This is AI generated summarization, which may have errors. For context, always refer to the full article.
MANILA, Philippines – The Philippine Coast Guard (PCG) confirmed on Saturday, June 3, that eight buoys placed in Philippine waters remained intact amid the allegation they had been removed. However, the PCG said they have yet to verify the condition of two other buoys.
In an interview with reporters on Saturday, PCG spokesperson Rear Admiral Armand Balilo said the eight buoys were still intact, according to PCG Palawan’s report. The two other buoys subject for validation were located in Balagtas (Irving) and Julian Felipe (Whitsun) reefs.
Balilo told Rappler that they were not looking for the two buoys but rather had yet to reach them because of big waves. The PCG spokesperson said once the weather conditions permit, they would immediately go to the buoy’s location.
When asked about the possibility that the buoys had been removed by other people or other countries’ coast guards, Balilo replied:
“Wala pa naman. Kailangang ma-check muna natin kung ano ‘yong reason do’n sa report. Baka mamaya, nando’n naman pala, so dapat maba-validate muna natin kung nawala nga ‘yong mga…may nawalang boya (There’s nothing yet. We have to check first the reason behind the report. What if the buoys are there? So, we need to validate if some buoys really went missing).”
Balilo added this was the first time they received an allegation that buoys placed by authorities in Philippine waters went missing.
In a report dated May 18, Sohu.com, a company based in Beijing, China, claimed that Chinese fishermen “fished out” all the buoys in Philippine waters under the Chinese coast guard’s protection. The report also alleged that the removal of buoys made the PCG “feel angry and helpless.”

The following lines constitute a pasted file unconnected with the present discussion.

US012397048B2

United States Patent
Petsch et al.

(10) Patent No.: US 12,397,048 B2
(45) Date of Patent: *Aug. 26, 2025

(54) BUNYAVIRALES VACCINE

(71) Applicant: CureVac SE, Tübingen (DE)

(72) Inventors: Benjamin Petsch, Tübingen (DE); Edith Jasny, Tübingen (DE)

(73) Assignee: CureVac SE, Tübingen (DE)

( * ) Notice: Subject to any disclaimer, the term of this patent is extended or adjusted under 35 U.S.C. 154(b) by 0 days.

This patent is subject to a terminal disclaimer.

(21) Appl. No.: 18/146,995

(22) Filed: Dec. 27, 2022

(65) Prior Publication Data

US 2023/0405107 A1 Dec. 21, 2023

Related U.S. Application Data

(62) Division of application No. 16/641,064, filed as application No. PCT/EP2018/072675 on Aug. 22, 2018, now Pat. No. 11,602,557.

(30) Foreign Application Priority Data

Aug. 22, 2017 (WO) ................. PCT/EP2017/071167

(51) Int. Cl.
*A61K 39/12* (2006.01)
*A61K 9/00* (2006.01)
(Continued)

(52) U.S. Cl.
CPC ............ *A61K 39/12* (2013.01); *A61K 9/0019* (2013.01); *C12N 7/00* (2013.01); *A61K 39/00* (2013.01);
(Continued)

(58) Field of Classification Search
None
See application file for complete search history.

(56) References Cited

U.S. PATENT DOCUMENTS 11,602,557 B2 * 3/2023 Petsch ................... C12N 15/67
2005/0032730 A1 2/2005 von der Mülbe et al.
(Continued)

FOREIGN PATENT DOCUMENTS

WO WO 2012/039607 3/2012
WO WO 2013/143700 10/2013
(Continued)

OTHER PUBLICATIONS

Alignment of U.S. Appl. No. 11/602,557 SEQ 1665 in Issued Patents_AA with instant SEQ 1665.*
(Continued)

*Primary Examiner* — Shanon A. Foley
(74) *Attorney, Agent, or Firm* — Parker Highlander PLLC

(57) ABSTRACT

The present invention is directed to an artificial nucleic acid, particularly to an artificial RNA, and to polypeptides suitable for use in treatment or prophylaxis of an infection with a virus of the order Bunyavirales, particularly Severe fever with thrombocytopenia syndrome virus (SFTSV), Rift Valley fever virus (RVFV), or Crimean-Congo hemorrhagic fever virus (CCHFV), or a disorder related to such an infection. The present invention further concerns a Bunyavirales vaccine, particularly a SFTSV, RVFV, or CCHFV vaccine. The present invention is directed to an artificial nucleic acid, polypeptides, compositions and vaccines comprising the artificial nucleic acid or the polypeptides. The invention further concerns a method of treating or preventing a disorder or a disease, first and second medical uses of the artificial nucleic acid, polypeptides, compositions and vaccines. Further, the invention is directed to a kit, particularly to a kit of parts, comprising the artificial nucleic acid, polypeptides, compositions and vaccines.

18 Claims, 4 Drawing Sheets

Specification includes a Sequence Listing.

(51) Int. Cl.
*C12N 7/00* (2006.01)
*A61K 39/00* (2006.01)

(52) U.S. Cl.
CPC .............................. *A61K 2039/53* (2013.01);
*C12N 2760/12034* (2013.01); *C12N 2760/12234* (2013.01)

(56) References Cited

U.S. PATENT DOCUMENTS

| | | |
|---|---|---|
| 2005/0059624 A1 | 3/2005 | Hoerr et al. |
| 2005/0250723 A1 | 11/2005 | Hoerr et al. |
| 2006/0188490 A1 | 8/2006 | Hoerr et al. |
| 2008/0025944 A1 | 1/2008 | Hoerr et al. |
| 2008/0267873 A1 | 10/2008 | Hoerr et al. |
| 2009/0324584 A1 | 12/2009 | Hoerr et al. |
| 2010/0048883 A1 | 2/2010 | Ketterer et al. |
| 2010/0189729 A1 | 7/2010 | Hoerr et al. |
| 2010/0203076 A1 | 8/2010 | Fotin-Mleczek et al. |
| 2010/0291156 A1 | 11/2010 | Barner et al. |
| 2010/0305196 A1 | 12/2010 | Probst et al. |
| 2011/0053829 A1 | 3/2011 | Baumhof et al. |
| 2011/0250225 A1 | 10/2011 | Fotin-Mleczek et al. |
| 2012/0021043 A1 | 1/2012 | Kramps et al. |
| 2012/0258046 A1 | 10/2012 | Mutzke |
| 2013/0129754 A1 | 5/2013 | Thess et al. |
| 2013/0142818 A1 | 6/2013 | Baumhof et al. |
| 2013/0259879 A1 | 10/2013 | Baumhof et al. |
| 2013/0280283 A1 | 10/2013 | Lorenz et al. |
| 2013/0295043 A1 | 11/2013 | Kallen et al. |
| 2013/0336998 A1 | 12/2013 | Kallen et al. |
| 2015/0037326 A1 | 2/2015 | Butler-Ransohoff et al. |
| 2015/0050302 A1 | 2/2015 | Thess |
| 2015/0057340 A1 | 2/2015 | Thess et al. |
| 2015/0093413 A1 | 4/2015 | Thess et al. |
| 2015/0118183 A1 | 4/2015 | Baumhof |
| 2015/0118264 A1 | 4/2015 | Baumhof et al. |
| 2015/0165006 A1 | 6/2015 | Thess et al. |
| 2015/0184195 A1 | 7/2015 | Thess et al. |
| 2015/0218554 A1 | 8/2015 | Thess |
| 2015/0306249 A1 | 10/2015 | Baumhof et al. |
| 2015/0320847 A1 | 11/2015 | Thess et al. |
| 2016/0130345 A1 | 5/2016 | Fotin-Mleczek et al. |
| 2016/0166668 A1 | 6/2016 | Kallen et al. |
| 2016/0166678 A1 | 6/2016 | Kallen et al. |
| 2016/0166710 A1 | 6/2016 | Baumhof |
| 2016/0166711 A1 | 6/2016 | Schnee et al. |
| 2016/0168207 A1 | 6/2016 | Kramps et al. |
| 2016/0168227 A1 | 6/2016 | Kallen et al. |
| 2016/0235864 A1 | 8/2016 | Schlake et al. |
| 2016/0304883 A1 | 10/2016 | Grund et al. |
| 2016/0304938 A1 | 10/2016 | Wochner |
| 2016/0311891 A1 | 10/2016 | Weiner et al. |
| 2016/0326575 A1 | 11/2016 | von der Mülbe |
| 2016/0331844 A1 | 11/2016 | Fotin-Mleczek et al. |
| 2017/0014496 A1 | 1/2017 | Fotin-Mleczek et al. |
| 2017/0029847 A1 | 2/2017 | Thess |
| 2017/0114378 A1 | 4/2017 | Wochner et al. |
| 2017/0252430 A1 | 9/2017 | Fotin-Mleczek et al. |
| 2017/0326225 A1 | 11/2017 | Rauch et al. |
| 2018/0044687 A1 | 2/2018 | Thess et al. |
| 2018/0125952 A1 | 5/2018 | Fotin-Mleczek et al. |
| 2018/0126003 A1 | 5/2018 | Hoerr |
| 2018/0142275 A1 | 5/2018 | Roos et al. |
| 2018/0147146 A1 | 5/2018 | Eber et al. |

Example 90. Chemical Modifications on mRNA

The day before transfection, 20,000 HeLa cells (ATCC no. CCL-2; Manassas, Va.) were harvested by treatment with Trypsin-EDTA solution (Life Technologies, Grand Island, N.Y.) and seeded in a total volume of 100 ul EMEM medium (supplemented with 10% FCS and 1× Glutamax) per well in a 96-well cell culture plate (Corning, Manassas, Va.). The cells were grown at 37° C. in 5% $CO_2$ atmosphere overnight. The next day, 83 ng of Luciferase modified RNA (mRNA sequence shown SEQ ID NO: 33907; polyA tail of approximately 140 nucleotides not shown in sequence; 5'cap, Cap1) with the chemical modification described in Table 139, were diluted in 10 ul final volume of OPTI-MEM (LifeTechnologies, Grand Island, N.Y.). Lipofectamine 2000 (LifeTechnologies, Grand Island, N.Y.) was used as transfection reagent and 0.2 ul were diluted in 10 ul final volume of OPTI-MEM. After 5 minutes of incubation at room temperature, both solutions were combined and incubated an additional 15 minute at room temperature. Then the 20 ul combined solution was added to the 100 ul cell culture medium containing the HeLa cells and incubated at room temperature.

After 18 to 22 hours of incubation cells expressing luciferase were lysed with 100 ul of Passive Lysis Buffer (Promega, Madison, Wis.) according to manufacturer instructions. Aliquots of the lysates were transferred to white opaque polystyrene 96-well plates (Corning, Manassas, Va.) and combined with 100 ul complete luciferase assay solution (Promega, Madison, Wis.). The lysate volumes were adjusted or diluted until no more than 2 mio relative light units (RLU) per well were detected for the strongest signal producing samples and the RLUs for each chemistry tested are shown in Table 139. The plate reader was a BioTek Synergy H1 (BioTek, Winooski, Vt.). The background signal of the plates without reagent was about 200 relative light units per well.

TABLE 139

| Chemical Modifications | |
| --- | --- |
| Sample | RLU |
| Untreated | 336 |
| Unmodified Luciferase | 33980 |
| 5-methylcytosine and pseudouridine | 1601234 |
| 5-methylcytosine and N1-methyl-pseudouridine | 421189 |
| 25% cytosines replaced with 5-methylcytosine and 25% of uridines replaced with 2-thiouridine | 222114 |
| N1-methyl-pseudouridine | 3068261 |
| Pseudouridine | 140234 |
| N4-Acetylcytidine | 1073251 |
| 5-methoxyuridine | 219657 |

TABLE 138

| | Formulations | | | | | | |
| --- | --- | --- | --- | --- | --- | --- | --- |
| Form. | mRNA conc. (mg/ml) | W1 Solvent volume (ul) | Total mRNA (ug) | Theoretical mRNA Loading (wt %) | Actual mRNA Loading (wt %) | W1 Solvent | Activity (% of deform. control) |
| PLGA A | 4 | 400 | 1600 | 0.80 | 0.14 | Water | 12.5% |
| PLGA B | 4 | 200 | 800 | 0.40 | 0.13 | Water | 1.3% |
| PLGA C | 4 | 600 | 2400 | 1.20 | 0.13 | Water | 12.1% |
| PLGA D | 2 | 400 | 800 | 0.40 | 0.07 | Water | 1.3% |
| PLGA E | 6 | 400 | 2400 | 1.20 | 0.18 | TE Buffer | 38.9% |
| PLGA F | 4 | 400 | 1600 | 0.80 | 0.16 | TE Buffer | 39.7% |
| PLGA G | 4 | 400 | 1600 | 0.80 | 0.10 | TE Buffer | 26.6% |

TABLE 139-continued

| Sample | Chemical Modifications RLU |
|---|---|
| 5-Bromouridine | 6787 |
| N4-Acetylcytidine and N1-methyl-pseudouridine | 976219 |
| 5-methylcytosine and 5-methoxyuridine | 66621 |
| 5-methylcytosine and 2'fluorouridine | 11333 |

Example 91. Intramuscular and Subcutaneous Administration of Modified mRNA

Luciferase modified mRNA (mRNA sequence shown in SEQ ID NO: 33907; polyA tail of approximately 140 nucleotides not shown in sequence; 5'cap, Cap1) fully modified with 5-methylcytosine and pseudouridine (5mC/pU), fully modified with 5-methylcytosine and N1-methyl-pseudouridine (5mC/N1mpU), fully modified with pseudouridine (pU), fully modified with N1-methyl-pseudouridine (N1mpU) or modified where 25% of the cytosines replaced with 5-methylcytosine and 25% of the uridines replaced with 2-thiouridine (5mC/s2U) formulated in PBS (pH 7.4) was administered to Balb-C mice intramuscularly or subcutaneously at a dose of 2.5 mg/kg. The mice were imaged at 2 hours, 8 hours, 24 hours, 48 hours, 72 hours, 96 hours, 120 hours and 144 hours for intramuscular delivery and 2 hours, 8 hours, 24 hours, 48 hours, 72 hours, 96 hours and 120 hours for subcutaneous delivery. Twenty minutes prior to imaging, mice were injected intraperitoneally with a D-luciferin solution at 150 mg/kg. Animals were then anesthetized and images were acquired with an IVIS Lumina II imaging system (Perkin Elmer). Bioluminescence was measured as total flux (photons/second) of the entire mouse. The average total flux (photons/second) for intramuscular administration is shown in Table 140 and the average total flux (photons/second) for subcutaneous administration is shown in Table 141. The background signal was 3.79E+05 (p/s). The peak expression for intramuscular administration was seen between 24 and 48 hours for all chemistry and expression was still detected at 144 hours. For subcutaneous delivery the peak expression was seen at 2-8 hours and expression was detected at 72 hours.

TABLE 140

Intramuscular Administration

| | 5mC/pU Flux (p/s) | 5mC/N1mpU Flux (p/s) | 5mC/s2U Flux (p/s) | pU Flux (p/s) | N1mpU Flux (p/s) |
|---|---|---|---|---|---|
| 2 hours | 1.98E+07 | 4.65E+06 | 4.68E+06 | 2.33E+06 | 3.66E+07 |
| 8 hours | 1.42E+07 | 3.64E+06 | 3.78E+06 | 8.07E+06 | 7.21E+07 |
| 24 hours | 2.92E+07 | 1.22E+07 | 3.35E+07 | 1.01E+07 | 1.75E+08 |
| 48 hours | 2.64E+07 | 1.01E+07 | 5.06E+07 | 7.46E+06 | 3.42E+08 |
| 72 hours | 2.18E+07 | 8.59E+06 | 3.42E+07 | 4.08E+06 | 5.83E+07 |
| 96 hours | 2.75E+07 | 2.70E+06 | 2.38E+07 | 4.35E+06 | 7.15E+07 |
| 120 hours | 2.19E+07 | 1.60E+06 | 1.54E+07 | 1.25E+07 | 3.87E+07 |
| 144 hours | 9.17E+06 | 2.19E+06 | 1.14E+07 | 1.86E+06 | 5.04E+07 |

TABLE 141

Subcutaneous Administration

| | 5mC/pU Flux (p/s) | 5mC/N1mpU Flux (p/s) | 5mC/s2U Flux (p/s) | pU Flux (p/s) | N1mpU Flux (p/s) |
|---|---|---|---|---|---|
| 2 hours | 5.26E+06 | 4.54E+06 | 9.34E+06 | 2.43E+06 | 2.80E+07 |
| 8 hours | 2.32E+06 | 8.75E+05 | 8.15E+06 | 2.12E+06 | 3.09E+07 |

Why this matters
The buoys are no ordinary devices – they are used as markers to assert the Philippines’ sovereignty in the West Philippine Sea.
In 2021, when the PCG installed the initial buoys in the Philippine Rise on the eastern seaboard, the coast guard said the area had been considered a special protected zone. The PCG added that buoys marked the designated exclusive food supply zone of the Philippines and would ensure safe navigation in the areas where they were placed.
China claims nearly all of the South China Sea as its territory using its so-called 9-dash line principle. The country also erroneously claims some territories and features owned by the Philippines. However, these claims were rebuked by the Hague ruling.
The Hague ruling in 2016 stated that all islands in the disputed waterway within our exclusive economic zone belonged to the Philippines. It upheld the claims of the Philippines in the disputed territories in accordance with the 1982 United Nations Convention on the Law of the Sea.
Despite this, China retains its presence in some parts of Philippine waters. In 2021, the National Task Force for the West Philippine Sea expressed concern after it spotted around 220 Chinese vessels, said to be Chinese maritime militia, in Julian Felipe Reef, about 175 nautical miles west of Bataraza, Palawan.
China had also harassed Filipino ships on multiple occasions. In November 2021, Chinese coast guard ships fired water cannons on Philippine vessels en route to Ayungin (Second Thomas) Shoal. A Chinese coast guard vessel also aimed a military-grade laser at the BRP Malapascua last February. – Rappler.com